In re-launching the inquiry into carriers' data privacy and security practices, the FCC argues that not informing customers about the software or its data practices may have violated the carriers' responsibility pursuant to Section 222 of the Communications Act of 1934 to protect customer data "that is made available to a carrier solely by virtue of the carrier-customer relationship." The law allows such data to be used only in "limited circumstances," a term which is not defined in Section 222. It appears that one of the goals of the renewed inquiry is for the FCC to define the scope of the "limited circumstances."
Last week, a plaintiff's putative class action alleging a violation of California's Shine the Light law, Cal. Civ. Code § 1798.83, was dismissed without prejudice. See Boorstein v. Men's Journal LLC, No. 12-cv-00771-DSF-E, 2012 WL 2152815 (C.D. Cal. June 14, 2012). The suit, one of several other similar pending suits, is the first reported decision applying the Shine the Light Law.
The U.S. District Court for the Southern District of California recently granted class certification in a Song-Beverly Credit Card Act case, refusing to exclude from the class individuals who joined the retailer's rewards program months after the alleged Song-Beverly violation. See Yeoman v. IKEA U.S. West, Inc., No. 11CV701, 2012 WL 1598051 (S.D. Cal. May 4, 2012). The Court's discussion suggests that a retailer may also face Song-Beverly liability even if it requests personal information at the register that it already holds by virtue of the customer's membership in its rewards program.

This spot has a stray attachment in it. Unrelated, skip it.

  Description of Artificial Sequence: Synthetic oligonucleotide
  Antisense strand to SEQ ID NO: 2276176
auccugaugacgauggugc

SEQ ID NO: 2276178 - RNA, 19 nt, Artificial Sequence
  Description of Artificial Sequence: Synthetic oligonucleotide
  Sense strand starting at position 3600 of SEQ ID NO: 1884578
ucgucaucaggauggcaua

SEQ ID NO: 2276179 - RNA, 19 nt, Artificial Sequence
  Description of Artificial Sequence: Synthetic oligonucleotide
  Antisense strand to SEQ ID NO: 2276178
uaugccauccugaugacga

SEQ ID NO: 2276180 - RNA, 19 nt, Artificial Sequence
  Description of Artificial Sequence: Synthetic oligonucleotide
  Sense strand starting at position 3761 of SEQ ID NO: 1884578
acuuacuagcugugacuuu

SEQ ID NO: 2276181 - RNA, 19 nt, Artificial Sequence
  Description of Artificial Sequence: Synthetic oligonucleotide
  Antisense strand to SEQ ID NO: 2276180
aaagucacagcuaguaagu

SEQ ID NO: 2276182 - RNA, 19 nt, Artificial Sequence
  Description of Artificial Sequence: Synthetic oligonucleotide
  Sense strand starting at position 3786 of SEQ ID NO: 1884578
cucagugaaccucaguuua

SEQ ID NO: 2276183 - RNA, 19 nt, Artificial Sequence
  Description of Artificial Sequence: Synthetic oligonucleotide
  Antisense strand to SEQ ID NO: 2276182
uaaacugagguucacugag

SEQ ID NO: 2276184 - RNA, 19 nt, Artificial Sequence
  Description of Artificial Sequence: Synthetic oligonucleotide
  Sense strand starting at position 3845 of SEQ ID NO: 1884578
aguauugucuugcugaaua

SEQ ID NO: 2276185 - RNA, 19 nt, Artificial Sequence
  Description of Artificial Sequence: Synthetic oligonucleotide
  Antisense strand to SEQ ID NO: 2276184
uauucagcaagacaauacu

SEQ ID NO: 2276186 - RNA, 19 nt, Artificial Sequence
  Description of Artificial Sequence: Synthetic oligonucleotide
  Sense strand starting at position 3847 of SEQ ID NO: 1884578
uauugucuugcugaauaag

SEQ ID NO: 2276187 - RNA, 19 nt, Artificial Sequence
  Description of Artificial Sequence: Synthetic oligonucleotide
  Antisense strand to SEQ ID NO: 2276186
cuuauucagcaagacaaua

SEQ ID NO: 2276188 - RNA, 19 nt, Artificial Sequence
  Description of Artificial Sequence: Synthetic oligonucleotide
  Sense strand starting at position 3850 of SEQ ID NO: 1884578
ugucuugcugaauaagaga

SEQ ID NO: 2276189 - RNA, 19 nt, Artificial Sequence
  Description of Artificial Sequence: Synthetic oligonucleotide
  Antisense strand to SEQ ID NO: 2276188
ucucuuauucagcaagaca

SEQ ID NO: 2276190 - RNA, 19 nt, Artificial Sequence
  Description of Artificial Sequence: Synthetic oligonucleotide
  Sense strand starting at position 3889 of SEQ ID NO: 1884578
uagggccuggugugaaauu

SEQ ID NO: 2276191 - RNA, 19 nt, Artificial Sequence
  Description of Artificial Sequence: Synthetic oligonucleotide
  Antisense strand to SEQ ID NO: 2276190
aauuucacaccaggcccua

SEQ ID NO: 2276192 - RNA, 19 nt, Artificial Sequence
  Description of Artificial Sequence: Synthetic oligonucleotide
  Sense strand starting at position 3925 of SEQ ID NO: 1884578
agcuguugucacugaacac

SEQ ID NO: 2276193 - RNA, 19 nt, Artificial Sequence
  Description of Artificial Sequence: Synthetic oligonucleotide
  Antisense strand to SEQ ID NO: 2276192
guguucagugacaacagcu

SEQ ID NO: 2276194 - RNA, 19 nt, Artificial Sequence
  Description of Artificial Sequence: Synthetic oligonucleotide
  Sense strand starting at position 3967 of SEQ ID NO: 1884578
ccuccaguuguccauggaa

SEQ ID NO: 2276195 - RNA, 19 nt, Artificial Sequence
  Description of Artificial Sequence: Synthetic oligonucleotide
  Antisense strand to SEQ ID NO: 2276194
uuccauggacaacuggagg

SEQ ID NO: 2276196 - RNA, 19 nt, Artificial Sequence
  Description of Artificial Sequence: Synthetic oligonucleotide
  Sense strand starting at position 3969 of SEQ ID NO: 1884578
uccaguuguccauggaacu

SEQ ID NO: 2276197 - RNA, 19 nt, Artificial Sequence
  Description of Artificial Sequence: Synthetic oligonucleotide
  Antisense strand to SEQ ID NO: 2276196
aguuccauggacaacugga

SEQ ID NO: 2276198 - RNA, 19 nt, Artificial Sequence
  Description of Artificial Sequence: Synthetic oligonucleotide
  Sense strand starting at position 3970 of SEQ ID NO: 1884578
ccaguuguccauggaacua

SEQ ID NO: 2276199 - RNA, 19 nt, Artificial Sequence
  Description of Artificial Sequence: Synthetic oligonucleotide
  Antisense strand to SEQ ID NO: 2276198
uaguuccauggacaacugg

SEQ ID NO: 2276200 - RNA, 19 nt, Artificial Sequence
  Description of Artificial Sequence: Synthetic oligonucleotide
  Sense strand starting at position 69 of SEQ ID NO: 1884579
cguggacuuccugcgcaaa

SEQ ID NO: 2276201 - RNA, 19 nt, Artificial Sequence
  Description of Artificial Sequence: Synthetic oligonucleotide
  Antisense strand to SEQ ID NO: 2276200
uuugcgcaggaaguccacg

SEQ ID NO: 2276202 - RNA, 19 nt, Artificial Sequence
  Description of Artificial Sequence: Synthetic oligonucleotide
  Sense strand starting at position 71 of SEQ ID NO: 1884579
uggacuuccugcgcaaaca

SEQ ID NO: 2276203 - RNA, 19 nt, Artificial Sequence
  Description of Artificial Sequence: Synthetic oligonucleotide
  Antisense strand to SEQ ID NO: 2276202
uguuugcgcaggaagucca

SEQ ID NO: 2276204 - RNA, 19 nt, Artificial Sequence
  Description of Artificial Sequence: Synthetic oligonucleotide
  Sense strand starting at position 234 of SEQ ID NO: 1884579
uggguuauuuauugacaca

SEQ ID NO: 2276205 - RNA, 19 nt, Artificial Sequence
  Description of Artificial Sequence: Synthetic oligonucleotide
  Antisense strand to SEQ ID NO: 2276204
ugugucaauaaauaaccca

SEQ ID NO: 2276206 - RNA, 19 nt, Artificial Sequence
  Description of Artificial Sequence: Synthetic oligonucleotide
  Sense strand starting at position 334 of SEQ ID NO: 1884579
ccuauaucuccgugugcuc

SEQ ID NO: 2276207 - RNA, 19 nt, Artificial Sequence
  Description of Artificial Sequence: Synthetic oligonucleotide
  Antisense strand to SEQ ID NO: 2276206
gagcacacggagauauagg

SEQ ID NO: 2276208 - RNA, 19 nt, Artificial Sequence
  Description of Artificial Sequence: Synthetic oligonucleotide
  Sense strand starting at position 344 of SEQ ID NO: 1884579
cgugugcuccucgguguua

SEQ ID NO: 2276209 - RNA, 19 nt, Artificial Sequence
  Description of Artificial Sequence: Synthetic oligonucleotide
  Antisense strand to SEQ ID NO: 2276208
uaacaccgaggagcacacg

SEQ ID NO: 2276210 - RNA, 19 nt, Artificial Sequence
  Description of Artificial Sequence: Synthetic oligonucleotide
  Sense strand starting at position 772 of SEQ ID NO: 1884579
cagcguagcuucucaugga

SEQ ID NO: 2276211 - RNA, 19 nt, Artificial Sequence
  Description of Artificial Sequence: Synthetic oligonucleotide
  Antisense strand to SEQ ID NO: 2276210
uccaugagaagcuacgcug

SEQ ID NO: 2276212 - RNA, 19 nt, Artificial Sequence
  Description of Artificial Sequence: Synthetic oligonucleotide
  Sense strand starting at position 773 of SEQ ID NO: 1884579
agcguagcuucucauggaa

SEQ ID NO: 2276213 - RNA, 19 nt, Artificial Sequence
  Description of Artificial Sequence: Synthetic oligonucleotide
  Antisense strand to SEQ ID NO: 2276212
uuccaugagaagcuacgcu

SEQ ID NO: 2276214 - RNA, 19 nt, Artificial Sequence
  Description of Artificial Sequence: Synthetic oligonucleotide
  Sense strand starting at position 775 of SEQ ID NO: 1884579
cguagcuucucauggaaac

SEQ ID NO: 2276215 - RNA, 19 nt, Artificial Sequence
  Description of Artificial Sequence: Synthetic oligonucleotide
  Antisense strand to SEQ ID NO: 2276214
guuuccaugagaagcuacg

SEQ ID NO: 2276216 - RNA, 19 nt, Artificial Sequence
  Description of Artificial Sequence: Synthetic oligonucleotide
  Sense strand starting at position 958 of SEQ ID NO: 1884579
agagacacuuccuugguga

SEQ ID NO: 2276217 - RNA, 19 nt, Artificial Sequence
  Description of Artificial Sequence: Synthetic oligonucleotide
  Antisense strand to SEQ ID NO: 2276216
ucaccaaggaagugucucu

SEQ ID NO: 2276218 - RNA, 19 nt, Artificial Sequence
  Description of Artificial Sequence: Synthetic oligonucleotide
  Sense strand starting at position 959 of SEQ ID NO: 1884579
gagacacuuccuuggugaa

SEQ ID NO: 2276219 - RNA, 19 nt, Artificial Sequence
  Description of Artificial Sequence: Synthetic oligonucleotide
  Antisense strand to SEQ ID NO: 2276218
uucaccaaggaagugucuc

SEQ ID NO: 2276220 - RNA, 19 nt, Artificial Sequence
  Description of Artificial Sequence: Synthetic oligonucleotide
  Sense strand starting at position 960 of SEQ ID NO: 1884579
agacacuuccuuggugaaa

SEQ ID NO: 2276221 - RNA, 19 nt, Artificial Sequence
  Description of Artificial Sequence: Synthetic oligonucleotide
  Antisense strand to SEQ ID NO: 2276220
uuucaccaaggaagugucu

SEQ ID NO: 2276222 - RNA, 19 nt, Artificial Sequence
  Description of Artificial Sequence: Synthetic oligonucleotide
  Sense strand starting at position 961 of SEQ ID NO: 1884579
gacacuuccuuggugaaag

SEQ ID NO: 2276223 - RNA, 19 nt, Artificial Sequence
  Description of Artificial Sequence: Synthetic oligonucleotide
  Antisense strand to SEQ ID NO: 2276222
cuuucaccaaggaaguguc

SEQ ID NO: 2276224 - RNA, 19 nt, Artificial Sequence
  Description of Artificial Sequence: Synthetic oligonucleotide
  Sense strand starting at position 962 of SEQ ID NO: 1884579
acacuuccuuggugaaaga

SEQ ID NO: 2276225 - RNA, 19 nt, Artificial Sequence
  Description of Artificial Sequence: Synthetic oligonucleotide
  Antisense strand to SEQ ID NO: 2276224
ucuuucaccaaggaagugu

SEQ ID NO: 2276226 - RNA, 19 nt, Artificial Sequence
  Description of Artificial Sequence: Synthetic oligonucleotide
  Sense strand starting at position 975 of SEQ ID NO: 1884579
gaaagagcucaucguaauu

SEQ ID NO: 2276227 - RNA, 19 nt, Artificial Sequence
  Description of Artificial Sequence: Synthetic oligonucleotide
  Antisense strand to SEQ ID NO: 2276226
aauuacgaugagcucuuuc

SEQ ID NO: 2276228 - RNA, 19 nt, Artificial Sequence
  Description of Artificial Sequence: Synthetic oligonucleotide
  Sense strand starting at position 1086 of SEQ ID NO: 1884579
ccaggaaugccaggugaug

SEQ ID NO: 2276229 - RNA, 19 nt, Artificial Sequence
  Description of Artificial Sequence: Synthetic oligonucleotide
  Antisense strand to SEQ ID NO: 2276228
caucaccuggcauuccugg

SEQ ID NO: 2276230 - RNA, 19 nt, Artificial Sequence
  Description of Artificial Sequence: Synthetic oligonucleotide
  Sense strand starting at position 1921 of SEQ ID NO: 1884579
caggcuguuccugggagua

Phonedog v. Kravitz, currently pending in the Northern District of California, raises unprecedented issues regarding social media. Is a list of Twitter followers protected as trade secret under California law? What is the value of a Twitter follower? $2.50 per month? I discussed these questions today with Fox News.
California's infamous SB 1386 (California Civil Code sections 1798.29 and 1798.82) was the very first security breach notification law in the nation in 2002, and nearly every state followed suit. Many states added their own new twists and variations on the theme - new triggers for notification requirements, regulator notice requirements, and content requirements for the notices themselves. Over the years, the California Assembly and Senate have passed numerous bills aimed at amending California's breach notification law to add a regulator notice provision and to require the inclusion of certain content. However, Governor Schwarzenegger vetoed the bills on multiple occasions, at least three times. Earlier this year, State Sen. Joe Simitian (D-Palo Alto) introduced Senate Bill 24, again attempting to enact such changes. Yesterday, August 31, 2011, Governor Brown signed SB 24 into law.
The California Supreme Court ruled Thursday, in Pineda v. Williams-Sonoma, that zip codes are "personal identification information" for purposes of California's Song-Beverly Credit Card Act, California Civil Code section 1747.08. Really.